Funny, or skilled, or sexy, or whatever it is you’re trying to copy from another content creator. It’s important in this field to focus on your strengths, not on what you think is going to make you popular. You don’t have to look very far on Twitch to find channels that seem to just be thin copycats of other more popular channels. This usually involves emulating the perceived strengths of the other content creators (humor, gimmicks, overlays, and whatever else) but doing a terrible job of it. For example, MANvsGAME is a popular broadcaster on Twitch and he has a deep almost gruff voice, and tends to exhibit healthy outbursts of rage at frustrating points of the games he plays. I’ve seen countless small channels clearly trying to emulate this. As if the secret to popularity is talking manly (pun intended) and yelling and swearing. MAN is successful for a lot of reasons, including his YEARS of hard work combined with genuine charisma. Not because he yells. Not because he swears. Not because he wears wrist bands. If you just try to copy his humor, or his outfit, or his microphone, and then wait for the viewers to start pouring in, you’ve already failed.

What I’m getting at is our tendency to try to emulate the strengths of others instead of focusing on your own strengths. If you’re not funny, don’t try to be funny. There are plenty of other reasons that people watch broadcasts, so don’t try to be something you’re not.

Maybe you’re too generic.

Here’s an excellent question to ask yourself: What can people get on your channel that they can’t get anywhere else? When I ask this question to casters there are two responses that are the most common. The first is basically “uh…um…well…I have no idea”, and the second is repeating things commonly found everywhere on Twitch such as “they can get a sense of community”, or “I’m very interactive”. Sorry to break it to you, but nearly every channel on twitch makes those same claims. If there are 2 million broadcasting channels on Twitch and nothing that separates your channel from everyone else’s, how on earth can you expect to grow? Don’t try to please everyone, don’t copy everyone else, and give people a REASON to watch you! And if you don’t, if you’re generic, then the problem is not the system, it’s you.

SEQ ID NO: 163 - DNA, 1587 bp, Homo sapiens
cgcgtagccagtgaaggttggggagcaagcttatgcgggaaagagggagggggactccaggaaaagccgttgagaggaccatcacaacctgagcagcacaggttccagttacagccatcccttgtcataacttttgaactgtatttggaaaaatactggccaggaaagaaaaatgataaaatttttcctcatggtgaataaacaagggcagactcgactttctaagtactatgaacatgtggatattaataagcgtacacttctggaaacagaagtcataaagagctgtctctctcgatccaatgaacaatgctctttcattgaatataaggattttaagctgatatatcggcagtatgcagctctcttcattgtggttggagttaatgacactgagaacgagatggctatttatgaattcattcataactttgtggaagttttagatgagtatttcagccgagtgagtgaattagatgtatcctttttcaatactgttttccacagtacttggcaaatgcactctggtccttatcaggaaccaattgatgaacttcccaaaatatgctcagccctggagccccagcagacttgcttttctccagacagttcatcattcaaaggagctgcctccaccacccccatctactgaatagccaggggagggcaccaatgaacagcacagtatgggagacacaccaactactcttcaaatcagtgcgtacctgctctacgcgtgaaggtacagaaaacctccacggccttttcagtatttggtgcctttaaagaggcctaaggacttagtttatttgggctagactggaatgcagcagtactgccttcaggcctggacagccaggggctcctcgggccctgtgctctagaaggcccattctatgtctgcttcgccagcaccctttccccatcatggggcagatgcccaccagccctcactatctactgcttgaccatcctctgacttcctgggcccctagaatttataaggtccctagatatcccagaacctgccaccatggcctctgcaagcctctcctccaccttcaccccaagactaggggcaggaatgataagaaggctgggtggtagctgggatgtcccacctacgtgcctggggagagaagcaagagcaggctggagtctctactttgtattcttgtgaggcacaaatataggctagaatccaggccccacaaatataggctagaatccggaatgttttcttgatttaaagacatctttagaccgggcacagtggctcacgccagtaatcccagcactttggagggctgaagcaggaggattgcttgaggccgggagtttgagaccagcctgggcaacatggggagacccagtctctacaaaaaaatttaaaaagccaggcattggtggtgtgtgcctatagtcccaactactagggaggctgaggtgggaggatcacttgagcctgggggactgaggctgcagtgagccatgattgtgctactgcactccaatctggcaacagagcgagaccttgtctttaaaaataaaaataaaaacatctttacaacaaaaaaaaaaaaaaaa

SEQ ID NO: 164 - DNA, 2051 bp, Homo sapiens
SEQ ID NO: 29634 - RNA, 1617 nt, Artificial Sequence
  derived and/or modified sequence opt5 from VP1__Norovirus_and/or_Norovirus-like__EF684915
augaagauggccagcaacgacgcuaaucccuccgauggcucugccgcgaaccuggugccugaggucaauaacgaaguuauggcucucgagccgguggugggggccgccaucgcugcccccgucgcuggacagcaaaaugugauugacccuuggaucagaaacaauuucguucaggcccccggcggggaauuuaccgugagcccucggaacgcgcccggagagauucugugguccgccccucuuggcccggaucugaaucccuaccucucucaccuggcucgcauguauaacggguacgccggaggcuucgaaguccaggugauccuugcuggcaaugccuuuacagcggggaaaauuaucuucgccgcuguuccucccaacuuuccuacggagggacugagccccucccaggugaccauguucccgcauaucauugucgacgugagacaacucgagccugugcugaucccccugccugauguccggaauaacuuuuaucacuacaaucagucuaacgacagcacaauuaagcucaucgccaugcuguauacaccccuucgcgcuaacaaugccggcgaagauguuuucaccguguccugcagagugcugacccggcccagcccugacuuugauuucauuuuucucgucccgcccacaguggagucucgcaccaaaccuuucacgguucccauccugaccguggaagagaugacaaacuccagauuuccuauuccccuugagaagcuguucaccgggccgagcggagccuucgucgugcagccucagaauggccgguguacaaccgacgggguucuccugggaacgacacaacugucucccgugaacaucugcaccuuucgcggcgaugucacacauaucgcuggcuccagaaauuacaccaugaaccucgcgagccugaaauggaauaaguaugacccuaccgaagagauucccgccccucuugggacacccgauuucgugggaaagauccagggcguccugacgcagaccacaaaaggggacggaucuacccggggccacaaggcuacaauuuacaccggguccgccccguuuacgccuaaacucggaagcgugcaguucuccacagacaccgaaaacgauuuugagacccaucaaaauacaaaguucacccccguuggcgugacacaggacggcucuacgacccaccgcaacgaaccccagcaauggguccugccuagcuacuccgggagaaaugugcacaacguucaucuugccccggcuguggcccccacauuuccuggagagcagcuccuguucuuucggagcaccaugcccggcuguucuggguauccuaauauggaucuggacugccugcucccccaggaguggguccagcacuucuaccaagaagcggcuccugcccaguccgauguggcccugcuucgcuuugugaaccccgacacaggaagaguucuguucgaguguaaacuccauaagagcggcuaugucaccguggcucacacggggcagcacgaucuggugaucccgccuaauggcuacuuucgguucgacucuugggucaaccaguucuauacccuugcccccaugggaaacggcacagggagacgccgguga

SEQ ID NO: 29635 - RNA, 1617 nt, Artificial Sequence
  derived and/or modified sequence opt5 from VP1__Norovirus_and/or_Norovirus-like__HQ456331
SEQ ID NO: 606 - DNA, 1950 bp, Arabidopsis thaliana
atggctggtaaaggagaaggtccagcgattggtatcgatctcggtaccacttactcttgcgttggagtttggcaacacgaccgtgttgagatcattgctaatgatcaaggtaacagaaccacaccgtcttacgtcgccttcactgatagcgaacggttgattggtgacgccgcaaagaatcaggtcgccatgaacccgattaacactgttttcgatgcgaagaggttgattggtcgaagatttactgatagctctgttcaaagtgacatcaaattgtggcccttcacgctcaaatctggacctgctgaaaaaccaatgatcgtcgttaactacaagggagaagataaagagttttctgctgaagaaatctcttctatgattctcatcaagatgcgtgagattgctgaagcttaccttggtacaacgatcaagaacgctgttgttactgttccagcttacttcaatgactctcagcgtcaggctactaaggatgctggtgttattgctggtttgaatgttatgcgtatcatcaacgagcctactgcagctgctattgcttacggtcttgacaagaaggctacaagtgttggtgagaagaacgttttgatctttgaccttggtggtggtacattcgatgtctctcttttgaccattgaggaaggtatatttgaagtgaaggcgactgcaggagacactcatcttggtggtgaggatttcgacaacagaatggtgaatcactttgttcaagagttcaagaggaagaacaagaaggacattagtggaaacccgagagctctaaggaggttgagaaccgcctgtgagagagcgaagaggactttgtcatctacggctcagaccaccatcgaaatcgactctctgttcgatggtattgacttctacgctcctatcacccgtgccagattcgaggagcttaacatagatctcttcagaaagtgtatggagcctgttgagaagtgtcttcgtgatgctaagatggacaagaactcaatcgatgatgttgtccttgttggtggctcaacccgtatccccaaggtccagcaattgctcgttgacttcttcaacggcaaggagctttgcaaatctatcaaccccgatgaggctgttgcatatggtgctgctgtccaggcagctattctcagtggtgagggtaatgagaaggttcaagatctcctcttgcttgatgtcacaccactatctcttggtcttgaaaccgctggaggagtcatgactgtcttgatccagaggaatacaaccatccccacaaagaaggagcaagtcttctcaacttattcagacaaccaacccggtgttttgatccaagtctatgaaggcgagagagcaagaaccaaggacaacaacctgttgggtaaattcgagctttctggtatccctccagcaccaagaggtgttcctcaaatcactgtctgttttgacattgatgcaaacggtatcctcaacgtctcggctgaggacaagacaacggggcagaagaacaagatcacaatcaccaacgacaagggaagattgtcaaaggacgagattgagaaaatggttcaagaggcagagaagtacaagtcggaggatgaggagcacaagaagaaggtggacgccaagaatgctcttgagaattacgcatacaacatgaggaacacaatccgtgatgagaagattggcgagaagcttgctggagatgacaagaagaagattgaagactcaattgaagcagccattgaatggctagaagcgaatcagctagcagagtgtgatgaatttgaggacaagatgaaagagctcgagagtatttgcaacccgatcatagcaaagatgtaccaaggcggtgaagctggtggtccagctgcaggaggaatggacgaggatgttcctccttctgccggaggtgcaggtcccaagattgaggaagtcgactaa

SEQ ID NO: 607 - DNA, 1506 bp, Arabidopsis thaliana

Maybe you’re too inconsistent.

I hear a lot of advice about consistency, and it’s a very common thing talked about when aspiring content creators get to ask questions to successful streamers. “Be consistent, stick to a schedule”, I’ve heard a thousand times from various people giving advice on this topic. I agree with this sentiment wholeheartedly but I will be adding something to it that isn’t mentioned as often. Yes, consistency is paramount. There is statistical data that shows that if you are going live at the same time, posting your videos at the same time, and sticking to your set schedule, that you will have an easier time growing. I feel a bit awkward talking about this because it’s perhaps the thing that I have the hardest time personally doing. I’m terrible about sticking to my schedule. However, I believe 100% that I would be more successful than I am right now if I had been able to accomplish it. Furthermore, it’s even more crucial in the beginning when you’re struggling for every single advantage you can get, and the more niche your content is.

What doesn’t get talked about as often however, is constancy of delivery. Consistency of experience. Consistency of YOU. Are you showing up to the stream one day happy, bubbly, and positive, then showing up the next day cranky, angry, and sarcastic? Are you interactive one day and quiet the next? Are you energetic one day and exhausted the next? Are you bouncing in and out of character? If someone watches you today, are they going to see you next week and say “who is this, this doesn’t seem like the same person at all”?